“We spent a lot of time together during that time,” Burns noted.
When McLelland started working as Kaufman County DA, Burns said they talked occasionally over the phone. Then, on Jan. 31, McLelland's assistant district attorney, Mark Hasse, was gunned down as he arrived for work near the Kaufman County Courthouse. Burns said he called McLelland that night and his friend was angry.
Burns said McLelland told him at Hasse's memorial service, “I don't care how long it takes, I'm going to find the people or person responsible for this.”
The thoughts and feelings of district attorneys have been varied this week, according to Burns.
“It kind of runs the gamut,” he said, adding that at least one colleague said he was afraid to answer his door.
“The general feeling among my peers is not one of panic, but it's one of quiet reflection and a heightened awareness that this doesn't just happen in Columbia and Mexico anymore,” Burns said. He added that he and his peers ask, “'Is this a new era?' I hope not.”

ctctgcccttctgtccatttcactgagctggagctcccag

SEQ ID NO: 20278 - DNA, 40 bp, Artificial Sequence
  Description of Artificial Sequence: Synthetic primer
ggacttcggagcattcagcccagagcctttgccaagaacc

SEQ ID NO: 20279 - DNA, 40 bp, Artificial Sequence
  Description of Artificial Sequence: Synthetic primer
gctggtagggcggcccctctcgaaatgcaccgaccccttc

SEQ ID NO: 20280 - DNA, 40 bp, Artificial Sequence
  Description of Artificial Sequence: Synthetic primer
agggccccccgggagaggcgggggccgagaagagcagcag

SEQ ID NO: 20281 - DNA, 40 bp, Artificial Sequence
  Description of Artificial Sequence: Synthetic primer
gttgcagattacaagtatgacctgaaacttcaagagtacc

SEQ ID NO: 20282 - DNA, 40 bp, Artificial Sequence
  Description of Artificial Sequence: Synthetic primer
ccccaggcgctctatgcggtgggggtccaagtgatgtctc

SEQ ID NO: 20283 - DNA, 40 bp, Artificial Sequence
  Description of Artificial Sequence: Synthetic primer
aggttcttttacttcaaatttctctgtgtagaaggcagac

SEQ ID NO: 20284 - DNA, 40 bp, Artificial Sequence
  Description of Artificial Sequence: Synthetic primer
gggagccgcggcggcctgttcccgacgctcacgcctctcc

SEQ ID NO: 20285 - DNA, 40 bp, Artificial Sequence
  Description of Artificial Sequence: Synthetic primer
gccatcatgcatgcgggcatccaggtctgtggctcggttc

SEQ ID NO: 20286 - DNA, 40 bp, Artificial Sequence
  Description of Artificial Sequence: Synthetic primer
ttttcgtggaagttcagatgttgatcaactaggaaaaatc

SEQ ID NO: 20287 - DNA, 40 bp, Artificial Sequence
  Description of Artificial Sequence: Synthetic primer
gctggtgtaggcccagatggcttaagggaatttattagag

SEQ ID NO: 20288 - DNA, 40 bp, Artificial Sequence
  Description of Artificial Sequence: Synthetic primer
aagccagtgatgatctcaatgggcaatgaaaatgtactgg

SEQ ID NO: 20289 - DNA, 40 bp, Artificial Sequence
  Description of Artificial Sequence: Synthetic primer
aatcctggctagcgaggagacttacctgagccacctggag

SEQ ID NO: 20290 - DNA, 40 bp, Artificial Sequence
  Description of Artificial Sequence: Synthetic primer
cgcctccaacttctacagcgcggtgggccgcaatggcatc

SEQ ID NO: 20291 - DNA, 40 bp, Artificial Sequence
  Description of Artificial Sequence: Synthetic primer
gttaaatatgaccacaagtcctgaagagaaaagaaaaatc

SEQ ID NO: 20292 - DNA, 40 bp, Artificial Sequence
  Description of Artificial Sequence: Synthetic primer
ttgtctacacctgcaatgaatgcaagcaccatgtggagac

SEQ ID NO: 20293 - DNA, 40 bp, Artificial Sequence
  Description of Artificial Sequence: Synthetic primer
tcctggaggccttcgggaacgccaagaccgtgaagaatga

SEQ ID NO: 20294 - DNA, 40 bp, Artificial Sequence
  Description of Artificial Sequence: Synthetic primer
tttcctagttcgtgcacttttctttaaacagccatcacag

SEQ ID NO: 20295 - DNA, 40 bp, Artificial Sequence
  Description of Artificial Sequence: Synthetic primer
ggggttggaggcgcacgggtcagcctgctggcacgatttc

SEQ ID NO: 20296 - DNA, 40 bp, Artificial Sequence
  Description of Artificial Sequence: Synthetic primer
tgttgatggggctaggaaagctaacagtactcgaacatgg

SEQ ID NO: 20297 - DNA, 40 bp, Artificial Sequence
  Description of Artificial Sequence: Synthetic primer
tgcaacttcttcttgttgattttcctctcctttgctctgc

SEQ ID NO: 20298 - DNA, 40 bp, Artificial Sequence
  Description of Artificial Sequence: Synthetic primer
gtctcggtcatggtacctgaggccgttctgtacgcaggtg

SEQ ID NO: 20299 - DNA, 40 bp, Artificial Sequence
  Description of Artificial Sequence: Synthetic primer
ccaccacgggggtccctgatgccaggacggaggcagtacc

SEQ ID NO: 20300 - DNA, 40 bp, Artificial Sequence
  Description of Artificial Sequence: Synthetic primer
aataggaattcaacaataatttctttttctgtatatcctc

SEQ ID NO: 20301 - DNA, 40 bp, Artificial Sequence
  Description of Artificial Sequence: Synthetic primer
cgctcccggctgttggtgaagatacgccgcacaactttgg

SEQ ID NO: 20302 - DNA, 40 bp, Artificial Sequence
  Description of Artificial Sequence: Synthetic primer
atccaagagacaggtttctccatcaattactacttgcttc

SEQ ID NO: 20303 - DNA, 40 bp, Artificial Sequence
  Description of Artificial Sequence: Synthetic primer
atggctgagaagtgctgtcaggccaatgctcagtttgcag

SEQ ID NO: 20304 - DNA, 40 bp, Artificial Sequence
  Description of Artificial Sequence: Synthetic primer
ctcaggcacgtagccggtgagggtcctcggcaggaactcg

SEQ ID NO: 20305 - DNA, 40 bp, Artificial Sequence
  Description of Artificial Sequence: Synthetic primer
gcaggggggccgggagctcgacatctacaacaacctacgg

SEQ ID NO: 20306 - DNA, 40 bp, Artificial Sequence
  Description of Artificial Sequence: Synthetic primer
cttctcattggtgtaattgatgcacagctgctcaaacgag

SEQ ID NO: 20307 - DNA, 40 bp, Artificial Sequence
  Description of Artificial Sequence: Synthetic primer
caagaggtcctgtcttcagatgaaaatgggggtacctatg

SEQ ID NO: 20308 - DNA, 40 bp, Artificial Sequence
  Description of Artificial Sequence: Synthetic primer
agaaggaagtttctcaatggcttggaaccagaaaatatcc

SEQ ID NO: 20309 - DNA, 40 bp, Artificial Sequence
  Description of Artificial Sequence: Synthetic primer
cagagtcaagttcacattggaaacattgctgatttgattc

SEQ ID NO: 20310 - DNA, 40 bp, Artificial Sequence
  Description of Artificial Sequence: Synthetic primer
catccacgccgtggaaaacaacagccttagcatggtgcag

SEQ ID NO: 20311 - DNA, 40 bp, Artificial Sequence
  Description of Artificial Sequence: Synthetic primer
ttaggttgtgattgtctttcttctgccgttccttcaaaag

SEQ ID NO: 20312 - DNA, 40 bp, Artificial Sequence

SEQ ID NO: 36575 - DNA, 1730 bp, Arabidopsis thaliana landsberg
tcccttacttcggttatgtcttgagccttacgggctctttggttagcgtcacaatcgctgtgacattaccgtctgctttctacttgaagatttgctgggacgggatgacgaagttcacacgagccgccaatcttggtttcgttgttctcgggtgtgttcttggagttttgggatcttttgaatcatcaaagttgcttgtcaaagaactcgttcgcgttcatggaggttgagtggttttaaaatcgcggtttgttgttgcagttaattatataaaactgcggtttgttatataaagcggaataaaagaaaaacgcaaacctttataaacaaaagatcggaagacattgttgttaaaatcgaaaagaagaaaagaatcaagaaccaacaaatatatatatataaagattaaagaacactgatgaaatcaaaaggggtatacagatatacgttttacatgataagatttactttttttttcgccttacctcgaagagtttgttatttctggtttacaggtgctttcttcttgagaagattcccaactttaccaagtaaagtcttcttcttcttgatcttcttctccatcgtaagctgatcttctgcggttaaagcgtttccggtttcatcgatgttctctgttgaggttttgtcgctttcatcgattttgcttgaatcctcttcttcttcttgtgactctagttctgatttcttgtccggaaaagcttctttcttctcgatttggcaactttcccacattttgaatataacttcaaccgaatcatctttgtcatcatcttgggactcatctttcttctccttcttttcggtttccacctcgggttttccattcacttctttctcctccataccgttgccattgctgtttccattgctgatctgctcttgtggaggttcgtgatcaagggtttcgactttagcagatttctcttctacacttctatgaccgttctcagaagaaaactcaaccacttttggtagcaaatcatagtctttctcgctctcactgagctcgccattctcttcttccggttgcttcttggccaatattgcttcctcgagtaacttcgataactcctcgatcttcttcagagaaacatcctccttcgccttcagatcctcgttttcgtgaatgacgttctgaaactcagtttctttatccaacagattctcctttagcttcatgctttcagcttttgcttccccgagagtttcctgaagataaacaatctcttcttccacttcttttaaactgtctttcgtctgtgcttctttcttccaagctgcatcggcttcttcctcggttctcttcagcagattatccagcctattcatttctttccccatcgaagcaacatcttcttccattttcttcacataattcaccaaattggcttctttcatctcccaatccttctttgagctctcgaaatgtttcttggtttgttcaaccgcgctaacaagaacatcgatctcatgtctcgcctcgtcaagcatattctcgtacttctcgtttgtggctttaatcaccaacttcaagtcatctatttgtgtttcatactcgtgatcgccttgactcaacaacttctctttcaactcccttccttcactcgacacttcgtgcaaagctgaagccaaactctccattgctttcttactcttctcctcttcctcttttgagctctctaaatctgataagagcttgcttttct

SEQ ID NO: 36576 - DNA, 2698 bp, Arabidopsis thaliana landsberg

“Maybe it's just an issue that's localized in Kaufman County. Maybe it involved one case, and one person has a 'mad-on' at the DA's office and decided to work up the … chain, or maybe it's something bigger than that; we don't know.
“The one thing it resulted in, in the last few days, is all of us taking a look at security, taking a look at the environment in which we work; because, just like the governor said, we are responsible for locking up some of the meanest, most vicious people in the state,” he said of district attorneys statewide.
While he said there has been sometimes a sense of complacency, this will change in the future. His office recently installed a push-button entry door for security purposes, which he said, “Has made people feel a little bit safer.”